Here's your news of the day. Comment as necessary.
A- Herald: I think it's called a "shakedown," isn't it?
B- Herald: Tough love?
Commissioner Michelle Spence-Jones, the likely swing vote on the Florida Marlins stadium deal in Miami, is playing hardball -- demanding that her Overtown district receive half-a-billion dollars worth of projects and a youth academy to ensure her vote.
''Overtown must get its fair share,'' she said in a statement released Friday, a week before Miami commissioners decide whether to go forward with the long-debated stadium in Little Havana.
A Miami child-welfare judge drew the ire of his chief and local children's advocates when he told a 15-year-old runaway foster child she would end up a ''toothless, dead crack whore'' if she didn't mend her ways.
Exasperated that the girl was refusing to return to a home where she said her caregiver hit and cursed at her, Miami-Dade Circuit Judge Spencer Eig lectured the sobbing teen about making bad choices during a hearing Tuesday.
''You're throwing your life away,'' Eig told the girl. ``You could end up on the street toothless. You've seen these toothless hags on the street? You know how they get there? They blow their opportunities in life when they're 15. They run away. They end up . . . People turn them into whores.''
''Toothless, dead crack whore. Dead at age 19? Is that the destiny you're looking for?'' he added.
In a statement released to The Miami Herald by the judiciary's spokeswoman, Eunice Sigler, Eig expressed regret at the language he used to scold the teen.
''The child in this case had been running away,'' Sigler wrote in a short statement. ``Judge Eig regrets that the language he used was strong, but it was his intention to try to warn the child about the dangers of life on the street, and what people could do to her. His intention was to help, not harm.''
C- Herald: They write letters.
Preference for PalinD- Sun-Sentinel: Better have deep pockets if you plan on running reds in Pembroke Pines.
As a life-long Republican, I can say with complete certainty that the one undisputed outcome of Gov. Bobby Jindal's televised response to the president's address to Congress was the great desire to see Gov. Sarah Palin return as a nominee of our party.
JOHNATHAN ROSE, Miami Shores
Pembroke Pines - Starting Sunday, Pembroke Pines police will start issuing $125 tickets to anyone caught on camera blowing through a red light, ending a year-long pilot program that led to 1,833 warning citations being mailed out, an agency spokesman said Thursday. Officials also plan to add red-light cameras to five more intersections by April, in an effort to crack down on unsafe motorists in the city.As a Pines resident who regularly travels Pines Boulevard where a number of these cameras are set up, you have to wonder whether the traffic engineers who [don't] synchronize lights in the city are really that incompetent or simply a part of the city's revenue generating plan.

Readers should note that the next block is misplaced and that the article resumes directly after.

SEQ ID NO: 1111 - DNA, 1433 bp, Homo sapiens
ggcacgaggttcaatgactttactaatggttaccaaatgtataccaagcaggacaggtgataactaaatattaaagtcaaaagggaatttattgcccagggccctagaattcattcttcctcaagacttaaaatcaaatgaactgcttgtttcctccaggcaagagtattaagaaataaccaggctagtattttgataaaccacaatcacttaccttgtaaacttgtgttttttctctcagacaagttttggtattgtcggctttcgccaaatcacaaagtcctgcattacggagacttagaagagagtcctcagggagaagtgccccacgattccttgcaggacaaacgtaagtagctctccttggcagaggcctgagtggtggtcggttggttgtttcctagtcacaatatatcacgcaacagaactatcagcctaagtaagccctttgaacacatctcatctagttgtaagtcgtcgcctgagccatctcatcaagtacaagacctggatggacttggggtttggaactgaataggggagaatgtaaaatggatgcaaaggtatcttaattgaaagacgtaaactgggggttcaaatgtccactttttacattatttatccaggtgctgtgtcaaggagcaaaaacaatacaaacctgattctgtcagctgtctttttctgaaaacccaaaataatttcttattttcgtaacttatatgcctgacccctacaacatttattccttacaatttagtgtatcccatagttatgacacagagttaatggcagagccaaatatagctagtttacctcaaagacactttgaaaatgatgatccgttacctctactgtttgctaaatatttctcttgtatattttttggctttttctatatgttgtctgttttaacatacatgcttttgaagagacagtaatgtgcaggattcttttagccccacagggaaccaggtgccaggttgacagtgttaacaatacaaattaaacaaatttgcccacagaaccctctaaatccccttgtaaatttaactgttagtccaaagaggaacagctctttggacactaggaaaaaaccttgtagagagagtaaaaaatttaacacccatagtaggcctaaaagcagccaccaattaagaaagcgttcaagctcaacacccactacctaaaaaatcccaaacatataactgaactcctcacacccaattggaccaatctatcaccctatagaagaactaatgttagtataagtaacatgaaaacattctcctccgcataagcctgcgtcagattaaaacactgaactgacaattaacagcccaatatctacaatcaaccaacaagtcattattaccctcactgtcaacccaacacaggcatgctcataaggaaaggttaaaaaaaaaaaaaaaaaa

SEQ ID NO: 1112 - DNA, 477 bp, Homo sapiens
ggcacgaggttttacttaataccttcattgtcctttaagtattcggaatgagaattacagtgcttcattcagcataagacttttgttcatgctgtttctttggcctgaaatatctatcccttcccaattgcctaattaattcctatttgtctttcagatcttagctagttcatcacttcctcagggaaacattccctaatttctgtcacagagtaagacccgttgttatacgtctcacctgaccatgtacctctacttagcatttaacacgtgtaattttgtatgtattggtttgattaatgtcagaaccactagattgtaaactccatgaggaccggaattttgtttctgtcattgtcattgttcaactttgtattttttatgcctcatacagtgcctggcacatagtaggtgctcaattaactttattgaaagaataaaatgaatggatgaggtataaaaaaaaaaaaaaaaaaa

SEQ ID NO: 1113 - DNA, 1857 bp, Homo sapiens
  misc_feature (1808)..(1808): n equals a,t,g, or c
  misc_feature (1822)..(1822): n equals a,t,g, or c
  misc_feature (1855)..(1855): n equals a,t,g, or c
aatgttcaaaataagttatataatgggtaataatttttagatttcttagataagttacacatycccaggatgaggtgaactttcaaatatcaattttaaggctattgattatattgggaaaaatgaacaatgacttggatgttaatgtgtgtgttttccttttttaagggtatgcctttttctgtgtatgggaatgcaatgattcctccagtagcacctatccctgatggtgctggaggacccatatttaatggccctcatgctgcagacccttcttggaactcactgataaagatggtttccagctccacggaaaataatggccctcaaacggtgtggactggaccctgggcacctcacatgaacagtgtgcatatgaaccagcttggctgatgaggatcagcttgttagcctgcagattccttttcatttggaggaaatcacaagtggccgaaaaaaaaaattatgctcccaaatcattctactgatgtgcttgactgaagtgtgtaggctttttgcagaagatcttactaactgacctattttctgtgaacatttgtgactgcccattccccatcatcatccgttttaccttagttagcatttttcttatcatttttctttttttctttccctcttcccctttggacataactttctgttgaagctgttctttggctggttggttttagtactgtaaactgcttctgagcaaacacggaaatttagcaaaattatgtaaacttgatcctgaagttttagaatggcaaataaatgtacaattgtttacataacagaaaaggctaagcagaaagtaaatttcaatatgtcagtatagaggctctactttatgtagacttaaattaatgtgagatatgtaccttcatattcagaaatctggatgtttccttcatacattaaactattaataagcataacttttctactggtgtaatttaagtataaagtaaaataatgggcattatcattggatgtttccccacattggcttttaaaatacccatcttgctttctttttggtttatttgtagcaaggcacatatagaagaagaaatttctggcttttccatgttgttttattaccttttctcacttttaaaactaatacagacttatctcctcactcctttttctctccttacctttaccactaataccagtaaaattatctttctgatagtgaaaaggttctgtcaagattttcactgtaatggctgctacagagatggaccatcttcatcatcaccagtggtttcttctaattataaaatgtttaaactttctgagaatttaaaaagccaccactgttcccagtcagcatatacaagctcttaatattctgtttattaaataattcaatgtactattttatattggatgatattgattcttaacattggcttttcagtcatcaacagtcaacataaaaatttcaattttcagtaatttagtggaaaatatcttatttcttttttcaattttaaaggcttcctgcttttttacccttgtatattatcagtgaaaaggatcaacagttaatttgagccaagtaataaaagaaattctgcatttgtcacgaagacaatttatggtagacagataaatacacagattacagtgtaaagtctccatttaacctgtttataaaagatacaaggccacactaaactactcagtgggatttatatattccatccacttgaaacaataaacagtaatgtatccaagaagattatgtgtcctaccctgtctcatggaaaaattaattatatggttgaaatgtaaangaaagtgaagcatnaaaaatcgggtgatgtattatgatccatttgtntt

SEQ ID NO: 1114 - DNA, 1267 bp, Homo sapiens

E- Sun-Sentinel: And in Juno Beach, watch out for a parked van if you're speeding.
JUNO BEACH - Next time you see a red, blue and white van with an antenna parked on the roadside, check your speedometer.F- CBS4: Great column on the newspaper industry and an old friend with the Rocky Mountain News.
Town police are using the unmanned van to catch drivers traveling over the speed limit. Violators for the next three weeks will receive a warning.
Starting March 23, they will receive a notice of infraction with a $125 penalty. Second infractions will be $250.
The infraction is a civil penalty and will not go on a driver's record. The notice of infraction will be sent to the owner of the vehicle. Drivers can file an appeal with the town.
The van uses two lasers to measure the speed of passing vehicles. When the lasers determine a vehicle is moving above the speed limit, two cameras snap photos, one of the vehicle and the other of its rear license plate.
This town needs a strong and healthy Miami Herald.G- WPLG: Speed racers.
This industry is going through the greatest upheaval in its history. And no one knows how it will look five years from now. Will newspapers survive? I still say they will – I just don't say it with the same conviction I did six months ago.
The need for people to go out and gather information will remain. How that information is presented, how it is packaged, how it is displayed – that is what will change. Will it be solely online? If it is then at some point people are going to have to start paying for access to those sites because the work we do has value and it can't be done for free.
A Cessna airplane circled over Kendall Drive.
Meanwhile, motorcycle riders, roaring to and from the local Fuddrucker's restaurant for a Thursday night rally, had no idea they were being watched.
A man's voice boomed from police radios.
"That's the pilot. He's seen him farther north, coming this way," a trooper told Local 10's Janine Stanwood.
From the air, a sport bike was seen zooming down the Palmetto at 92 mph.
The plan: An FHP aviation unit clocks speeding motorcycle riders from the sky. The trooper in the plane alerts the troopers at the busway with a description and a location of the bike.
Troopers stopped southbound traffic on U.S. 1 and picked out the speeding bike.
But there was little sympathy Thursday night as FHP gave out 31 tickets and arrested a 19-year-old driver who was clocked at 148 mph on his sport bike. He wasn't even supposed to be driving; troopers said his license was suspended.